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[GreenYes] Local Report: Carroll should invest in its landfill

Report: Carroll should invest in its landfill

Carroll's waste-disposal system falls below par, but it could create an economic boon if the county invests in it, a new report says.

Richard Anthony, who runs a San Diego-based waste-consulting company, agreed with the county's Environmental Advisory Council, saying Carroll should take the money it would put into a waste-to-energy incinerator and instead sink it into its landfill.

"If the government recognizes that it's a weak landfill system, it would create about 400 [composting and recycling] jobs," said Anthony, who has spent the past four months studying Carroll's waste programs.

Anthony, who is also studying waste programs in Los Angeles and Austin, Texas, said the county could bring in $12 million every year if it decided to compost and recycle material that is otherwise tossed into landfills.

"It would be regional, but a lot could happen in Carroll County if they wanted to invest in composting and those kinds of things," he said.

Another $23 million would be saved each year in the amount of natural resources that would be salvaged through recycling and composting, Anthony said.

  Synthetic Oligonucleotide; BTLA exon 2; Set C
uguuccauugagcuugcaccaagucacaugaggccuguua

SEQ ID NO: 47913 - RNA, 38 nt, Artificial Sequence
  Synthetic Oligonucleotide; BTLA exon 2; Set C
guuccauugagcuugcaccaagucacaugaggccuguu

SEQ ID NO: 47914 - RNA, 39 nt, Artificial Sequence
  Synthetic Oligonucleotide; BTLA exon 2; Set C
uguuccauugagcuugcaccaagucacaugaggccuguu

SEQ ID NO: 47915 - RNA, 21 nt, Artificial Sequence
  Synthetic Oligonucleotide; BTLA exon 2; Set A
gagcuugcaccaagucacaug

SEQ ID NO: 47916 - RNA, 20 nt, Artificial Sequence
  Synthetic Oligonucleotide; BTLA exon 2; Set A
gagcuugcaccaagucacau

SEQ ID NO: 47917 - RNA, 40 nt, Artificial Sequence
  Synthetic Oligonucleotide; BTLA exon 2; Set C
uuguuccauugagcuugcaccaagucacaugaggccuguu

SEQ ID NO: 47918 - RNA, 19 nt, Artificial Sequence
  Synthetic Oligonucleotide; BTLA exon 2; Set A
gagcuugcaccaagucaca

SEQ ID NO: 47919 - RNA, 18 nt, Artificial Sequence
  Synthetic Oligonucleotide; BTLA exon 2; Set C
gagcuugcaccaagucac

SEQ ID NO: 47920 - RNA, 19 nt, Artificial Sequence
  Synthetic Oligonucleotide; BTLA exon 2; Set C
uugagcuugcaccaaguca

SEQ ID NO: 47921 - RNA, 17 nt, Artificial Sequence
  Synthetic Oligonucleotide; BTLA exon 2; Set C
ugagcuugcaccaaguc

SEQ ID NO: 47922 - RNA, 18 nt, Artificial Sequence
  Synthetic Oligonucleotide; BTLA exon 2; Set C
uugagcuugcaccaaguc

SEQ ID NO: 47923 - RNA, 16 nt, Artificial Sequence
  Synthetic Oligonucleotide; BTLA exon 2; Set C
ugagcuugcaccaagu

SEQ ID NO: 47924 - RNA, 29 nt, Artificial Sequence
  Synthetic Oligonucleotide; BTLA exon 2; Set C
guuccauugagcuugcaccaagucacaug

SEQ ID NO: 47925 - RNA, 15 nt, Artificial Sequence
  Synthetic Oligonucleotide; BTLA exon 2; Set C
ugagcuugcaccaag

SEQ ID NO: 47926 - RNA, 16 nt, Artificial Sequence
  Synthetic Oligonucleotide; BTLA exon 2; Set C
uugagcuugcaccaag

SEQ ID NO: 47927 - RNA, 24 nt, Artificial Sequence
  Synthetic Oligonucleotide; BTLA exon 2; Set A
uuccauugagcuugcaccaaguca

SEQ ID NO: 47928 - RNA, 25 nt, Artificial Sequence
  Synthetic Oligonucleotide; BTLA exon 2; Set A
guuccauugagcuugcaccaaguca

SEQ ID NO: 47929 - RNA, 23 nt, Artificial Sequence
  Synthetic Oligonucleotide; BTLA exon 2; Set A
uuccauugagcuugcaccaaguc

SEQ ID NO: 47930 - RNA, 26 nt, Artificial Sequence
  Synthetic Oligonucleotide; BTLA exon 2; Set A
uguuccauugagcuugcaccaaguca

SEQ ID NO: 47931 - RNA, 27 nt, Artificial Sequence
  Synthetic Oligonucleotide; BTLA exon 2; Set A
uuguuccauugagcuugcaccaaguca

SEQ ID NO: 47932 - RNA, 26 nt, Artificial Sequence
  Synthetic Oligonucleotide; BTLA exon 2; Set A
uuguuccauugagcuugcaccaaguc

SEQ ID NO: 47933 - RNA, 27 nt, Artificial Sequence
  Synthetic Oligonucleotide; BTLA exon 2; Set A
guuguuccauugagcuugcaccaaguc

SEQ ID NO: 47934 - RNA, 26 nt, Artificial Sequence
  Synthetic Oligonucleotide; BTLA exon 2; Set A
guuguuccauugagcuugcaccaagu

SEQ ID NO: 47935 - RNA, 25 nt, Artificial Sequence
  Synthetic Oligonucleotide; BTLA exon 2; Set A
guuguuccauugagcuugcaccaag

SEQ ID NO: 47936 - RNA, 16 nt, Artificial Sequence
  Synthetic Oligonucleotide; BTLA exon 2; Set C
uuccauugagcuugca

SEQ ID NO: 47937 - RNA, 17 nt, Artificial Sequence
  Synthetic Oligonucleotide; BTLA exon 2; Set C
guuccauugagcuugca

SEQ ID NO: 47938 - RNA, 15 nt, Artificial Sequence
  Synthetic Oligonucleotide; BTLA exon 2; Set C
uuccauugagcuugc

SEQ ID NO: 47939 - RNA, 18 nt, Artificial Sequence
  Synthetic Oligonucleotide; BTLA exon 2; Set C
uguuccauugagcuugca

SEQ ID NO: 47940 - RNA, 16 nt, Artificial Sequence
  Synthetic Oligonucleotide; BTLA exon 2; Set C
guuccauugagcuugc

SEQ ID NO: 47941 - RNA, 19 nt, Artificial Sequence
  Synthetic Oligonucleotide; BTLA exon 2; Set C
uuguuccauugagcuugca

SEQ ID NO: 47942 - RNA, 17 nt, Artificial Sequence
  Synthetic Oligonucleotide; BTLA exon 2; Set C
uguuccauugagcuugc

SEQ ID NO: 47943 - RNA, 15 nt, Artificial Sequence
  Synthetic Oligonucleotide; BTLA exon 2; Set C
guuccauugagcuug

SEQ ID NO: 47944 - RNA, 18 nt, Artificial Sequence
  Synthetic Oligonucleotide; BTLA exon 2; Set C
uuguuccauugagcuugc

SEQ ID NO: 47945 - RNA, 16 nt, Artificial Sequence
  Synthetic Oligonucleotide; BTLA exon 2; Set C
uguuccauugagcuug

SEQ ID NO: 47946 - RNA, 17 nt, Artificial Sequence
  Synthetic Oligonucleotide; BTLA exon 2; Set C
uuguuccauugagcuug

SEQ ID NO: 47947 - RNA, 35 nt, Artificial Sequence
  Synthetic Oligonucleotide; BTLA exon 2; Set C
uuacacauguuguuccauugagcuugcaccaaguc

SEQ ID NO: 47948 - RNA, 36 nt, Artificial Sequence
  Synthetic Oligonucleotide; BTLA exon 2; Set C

"They have a basic infrastructure set up to do a zero-waste program," Anthony said. "But they really hadn't taken the next step."

Anthony recommended that the county require its trash haulers to offer recycling services, contract companies to do mass composting and educate the public to recycle more.

Carroll most recently tried to make recycling simpler for residents, offering single-stream recycling that allows residents to mix paper, plastic and glass recyclable materials. The county's Public Works Department supports partnering with Frederick County to build the state's fourth waste-to-energy incinerator, which would cost more than $320 million.

Commissioners from both counties are to meet next week. The county contracted Anthony for $15,000 at the environmental panel's request.

"This burning plant, that's absolutely nuts," Anthony said. "It's all their resources that are being squandered when they do this."


San Diego, California

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